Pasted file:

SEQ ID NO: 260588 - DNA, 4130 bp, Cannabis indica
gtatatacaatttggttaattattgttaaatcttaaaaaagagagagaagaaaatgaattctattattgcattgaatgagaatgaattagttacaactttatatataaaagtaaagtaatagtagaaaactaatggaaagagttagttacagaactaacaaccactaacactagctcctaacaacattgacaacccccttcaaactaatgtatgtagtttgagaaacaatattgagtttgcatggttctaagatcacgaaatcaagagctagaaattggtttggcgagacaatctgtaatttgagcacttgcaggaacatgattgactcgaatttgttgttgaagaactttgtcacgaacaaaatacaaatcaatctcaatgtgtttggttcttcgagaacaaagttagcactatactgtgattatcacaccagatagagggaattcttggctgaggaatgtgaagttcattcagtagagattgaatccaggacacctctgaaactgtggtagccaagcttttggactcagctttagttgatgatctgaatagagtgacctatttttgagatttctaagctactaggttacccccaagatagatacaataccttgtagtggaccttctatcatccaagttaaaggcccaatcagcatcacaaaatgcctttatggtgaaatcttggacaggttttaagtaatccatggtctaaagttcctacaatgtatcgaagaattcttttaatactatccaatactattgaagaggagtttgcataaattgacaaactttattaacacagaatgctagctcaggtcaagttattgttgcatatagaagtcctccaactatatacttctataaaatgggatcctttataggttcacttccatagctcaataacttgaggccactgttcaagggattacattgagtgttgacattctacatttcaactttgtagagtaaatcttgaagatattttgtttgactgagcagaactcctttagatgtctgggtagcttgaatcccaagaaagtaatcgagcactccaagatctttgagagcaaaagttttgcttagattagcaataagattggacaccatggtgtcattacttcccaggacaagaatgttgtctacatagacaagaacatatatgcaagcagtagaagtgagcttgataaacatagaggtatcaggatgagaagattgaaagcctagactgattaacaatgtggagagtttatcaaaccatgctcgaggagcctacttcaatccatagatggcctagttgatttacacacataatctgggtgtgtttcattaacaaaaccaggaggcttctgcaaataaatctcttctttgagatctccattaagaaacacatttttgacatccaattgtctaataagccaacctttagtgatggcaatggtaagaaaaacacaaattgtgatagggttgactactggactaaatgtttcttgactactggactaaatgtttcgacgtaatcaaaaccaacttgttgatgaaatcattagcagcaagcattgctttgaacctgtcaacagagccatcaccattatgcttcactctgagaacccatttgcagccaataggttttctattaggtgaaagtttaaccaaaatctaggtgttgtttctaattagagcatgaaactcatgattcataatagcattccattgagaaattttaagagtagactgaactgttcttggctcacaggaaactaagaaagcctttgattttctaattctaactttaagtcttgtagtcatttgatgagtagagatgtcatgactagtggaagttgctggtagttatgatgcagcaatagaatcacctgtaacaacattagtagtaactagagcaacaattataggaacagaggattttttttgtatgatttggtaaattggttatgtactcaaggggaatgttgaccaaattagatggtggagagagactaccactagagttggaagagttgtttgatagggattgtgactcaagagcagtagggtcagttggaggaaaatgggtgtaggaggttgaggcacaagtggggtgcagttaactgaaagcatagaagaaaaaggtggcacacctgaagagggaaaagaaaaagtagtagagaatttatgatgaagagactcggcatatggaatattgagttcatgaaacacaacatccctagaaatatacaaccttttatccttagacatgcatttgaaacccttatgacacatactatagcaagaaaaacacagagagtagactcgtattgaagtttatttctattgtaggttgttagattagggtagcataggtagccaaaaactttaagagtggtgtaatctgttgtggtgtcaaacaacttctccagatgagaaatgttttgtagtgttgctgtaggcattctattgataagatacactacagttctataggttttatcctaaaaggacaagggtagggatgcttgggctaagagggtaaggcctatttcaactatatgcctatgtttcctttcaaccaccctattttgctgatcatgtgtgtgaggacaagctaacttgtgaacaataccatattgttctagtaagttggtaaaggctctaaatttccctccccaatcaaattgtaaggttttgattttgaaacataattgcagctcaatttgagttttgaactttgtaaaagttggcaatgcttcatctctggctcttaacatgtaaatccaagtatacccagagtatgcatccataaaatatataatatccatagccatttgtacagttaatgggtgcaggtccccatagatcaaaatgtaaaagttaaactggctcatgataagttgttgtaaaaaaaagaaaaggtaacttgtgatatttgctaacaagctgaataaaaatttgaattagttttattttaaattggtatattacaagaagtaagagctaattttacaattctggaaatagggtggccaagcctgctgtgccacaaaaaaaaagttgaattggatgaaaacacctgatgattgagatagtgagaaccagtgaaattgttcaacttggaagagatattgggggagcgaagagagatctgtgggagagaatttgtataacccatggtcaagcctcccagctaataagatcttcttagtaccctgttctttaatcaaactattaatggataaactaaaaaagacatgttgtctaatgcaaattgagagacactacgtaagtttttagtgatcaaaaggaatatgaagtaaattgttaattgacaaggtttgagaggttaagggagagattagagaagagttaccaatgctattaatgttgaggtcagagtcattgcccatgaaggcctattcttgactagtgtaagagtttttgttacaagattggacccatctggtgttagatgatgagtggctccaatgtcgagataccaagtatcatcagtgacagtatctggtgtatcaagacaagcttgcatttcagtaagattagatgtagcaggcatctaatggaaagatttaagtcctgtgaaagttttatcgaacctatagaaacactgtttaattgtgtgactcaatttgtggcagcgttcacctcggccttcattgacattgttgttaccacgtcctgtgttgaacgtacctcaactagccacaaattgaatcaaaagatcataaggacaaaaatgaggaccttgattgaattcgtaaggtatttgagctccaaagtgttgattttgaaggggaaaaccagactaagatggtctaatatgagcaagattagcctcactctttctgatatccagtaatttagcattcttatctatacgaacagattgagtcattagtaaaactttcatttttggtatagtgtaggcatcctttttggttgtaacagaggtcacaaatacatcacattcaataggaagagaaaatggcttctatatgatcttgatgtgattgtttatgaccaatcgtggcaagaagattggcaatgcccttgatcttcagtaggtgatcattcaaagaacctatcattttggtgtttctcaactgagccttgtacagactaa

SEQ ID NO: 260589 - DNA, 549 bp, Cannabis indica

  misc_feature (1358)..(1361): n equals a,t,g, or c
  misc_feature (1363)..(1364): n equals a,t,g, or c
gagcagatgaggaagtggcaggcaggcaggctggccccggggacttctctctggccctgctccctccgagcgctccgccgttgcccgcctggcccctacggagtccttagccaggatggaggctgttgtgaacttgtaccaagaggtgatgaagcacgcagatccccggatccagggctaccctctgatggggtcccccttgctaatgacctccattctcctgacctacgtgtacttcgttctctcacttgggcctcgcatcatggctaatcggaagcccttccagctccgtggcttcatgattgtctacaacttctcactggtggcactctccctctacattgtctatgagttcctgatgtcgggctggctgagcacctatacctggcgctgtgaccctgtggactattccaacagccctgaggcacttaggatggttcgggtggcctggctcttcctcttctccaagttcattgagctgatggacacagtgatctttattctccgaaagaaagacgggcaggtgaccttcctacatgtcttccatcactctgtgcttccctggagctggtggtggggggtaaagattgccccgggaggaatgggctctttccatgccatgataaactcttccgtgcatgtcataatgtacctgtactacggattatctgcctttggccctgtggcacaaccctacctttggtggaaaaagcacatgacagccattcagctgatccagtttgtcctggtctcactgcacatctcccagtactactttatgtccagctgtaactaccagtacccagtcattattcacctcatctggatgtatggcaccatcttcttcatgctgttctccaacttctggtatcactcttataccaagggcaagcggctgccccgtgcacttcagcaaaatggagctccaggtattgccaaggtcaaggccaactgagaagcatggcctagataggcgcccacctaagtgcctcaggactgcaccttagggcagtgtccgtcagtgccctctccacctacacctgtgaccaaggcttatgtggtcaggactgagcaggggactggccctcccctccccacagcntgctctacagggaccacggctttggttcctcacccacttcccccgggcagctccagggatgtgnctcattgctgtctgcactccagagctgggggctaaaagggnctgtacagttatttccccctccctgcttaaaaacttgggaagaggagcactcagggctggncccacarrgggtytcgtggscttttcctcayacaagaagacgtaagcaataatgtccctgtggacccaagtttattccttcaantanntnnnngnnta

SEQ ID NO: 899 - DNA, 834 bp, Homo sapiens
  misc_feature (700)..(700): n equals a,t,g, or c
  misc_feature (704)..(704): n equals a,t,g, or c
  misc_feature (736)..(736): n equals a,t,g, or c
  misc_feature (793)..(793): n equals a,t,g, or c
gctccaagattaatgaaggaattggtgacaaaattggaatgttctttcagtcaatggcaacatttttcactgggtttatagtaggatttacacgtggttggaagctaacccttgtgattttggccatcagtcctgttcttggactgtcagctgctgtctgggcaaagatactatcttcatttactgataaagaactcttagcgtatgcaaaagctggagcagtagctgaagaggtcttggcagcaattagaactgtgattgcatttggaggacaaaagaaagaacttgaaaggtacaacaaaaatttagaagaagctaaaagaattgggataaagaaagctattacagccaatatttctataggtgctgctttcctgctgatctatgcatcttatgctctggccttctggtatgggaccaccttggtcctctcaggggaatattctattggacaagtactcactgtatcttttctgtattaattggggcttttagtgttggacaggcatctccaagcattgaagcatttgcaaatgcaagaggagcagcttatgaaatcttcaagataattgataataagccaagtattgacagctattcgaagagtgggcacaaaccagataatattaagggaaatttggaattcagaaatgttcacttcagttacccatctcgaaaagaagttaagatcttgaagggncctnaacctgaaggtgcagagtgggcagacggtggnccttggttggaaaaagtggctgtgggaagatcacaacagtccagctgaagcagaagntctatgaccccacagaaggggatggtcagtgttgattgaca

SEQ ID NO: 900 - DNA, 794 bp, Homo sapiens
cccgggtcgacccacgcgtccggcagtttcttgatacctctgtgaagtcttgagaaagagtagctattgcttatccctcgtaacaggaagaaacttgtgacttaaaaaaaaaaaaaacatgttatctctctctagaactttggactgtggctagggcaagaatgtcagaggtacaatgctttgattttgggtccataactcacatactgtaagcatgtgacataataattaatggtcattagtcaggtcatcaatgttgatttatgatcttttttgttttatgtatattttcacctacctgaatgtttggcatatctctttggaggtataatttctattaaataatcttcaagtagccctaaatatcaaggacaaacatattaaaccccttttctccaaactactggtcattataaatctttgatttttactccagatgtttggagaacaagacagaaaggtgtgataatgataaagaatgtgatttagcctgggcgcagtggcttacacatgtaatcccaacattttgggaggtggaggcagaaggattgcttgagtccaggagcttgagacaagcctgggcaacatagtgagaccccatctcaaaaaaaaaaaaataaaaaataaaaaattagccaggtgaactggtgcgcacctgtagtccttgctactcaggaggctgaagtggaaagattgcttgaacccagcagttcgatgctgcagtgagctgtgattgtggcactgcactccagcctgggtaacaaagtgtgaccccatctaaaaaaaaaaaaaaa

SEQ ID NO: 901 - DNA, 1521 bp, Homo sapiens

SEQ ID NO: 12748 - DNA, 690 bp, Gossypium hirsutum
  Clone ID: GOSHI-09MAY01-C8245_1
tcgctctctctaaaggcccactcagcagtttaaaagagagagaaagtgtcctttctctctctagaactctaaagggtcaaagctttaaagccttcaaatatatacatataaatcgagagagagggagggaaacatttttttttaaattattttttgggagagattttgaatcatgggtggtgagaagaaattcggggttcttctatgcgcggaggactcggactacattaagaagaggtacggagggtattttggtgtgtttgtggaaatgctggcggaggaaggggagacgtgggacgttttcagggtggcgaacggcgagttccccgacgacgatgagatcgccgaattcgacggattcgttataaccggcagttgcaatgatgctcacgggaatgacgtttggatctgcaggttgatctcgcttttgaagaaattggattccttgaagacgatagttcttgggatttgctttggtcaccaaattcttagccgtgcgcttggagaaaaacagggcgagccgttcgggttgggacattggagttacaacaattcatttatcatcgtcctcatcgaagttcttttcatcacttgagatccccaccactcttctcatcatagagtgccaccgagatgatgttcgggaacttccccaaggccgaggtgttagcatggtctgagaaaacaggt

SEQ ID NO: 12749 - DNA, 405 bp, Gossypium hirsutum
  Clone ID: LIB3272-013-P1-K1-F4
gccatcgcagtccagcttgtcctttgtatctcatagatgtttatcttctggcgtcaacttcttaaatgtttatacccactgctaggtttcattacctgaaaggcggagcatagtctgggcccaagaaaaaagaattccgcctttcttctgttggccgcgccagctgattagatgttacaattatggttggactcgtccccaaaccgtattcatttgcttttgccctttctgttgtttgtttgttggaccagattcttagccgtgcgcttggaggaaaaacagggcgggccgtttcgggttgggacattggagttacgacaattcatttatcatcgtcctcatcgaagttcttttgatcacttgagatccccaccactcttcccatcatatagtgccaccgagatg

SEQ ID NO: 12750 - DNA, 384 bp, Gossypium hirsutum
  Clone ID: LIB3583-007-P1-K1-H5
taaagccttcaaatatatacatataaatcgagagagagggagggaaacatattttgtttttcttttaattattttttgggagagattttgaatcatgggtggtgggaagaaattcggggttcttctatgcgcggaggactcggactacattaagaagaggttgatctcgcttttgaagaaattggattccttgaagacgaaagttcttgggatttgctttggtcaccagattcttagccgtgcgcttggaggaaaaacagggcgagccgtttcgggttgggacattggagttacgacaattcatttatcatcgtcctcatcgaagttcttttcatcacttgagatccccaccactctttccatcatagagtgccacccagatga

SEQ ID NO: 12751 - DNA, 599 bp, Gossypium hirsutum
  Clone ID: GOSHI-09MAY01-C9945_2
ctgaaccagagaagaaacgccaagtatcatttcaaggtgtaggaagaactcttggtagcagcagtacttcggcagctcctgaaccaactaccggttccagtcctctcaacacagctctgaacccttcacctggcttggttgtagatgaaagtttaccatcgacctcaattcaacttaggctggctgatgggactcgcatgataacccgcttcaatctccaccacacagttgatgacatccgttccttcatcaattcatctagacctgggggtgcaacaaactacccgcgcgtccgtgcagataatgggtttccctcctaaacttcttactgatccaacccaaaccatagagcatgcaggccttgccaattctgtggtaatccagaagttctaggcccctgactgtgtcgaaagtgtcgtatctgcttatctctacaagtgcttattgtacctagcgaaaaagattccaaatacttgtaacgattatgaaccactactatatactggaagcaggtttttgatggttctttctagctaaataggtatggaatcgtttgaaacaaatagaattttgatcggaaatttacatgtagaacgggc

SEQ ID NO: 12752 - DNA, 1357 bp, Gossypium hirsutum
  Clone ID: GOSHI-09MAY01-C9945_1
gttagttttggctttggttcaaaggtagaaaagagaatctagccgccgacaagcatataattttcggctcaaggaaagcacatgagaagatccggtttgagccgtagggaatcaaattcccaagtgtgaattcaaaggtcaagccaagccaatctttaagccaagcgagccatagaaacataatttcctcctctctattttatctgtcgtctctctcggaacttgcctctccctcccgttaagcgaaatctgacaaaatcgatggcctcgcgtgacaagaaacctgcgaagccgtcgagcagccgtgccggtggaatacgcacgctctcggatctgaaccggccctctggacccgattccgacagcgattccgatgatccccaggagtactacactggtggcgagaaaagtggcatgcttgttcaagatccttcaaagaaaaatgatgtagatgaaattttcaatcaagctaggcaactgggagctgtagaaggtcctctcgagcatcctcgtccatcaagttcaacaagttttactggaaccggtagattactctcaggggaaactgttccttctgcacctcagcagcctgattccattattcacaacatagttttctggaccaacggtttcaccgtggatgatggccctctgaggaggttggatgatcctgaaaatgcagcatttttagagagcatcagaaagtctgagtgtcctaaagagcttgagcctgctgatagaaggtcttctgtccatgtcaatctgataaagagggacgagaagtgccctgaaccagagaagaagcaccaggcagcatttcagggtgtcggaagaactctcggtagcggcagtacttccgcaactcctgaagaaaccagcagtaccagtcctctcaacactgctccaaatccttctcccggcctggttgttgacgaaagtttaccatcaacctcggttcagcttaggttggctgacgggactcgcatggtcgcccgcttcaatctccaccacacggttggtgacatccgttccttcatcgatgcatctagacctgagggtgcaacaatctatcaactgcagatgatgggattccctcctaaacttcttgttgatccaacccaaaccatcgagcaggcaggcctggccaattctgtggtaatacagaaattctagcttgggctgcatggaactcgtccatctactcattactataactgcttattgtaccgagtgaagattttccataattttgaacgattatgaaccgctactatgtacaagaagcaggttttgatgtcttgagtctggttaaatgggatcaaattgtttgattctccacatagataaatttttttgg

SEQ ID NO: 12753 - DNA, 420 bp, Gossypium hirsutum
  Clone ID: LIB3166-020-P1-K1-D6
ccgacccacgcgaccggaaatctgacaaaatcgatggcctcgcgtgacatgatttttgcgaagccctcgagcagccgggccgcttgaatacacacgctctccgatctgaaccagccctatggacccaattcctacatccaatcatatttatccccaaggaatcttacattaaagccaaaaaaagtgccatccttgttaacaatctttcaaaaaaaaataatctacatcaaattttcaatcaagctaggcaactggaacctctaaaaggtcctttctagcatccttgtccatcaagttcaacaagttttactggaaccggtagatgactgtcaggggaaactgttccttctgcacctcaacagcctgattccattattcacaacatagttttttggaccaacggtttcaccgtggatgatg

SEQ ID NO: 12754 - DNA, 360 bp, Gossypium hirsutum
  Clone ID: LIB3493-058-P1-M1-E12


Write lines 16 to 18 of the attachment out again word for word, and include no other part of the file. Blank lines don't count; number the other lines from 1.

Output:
SEQ ID NO: 12748 - DNA, 690 bp, Gossypium hirsutum
  Clone ID: GOSHI-09MAY01-C8245_1
tcgctctctctaaaggcccactcagcagtttaaaagagagagaaagtgtcctttctctctctagaactctaaagggtcaaagctttaaagccttcaaatatatacatataaatcgagagagagggagggaaacatttttttttaaattattttttgggagagattttgaatcatgggtggtgagaagaaattcggggttcttctatgcgcggaggactcggactacattaagaagaggtacggagggtattttggtgtgtttgtggaaatgctggcggaggaaggggagacgtgggacgttttcagggtggcgaacggcgagttccccgacgacgatgagatcgccgaattcgacggattcgttataaccggcagttgcaatgatgctcacgggaatgacgtttggatctgcaggttgatctcgcttttgaagaaattggattccttgaagacgatagttcttgggatttgctttggtcaccaaattcttagccgtgcgcttggagaaaaacagggcgagccgttcgggttgggacattggagttacaacaattcatttatcatcgtcctcatcgaagttcttttcatcacttgagatccccaccactcttctcatcatagagtgccaccgagatgatgttcgggaacttccccaaggccgaggtgttagcatggtctgagaaaacaggt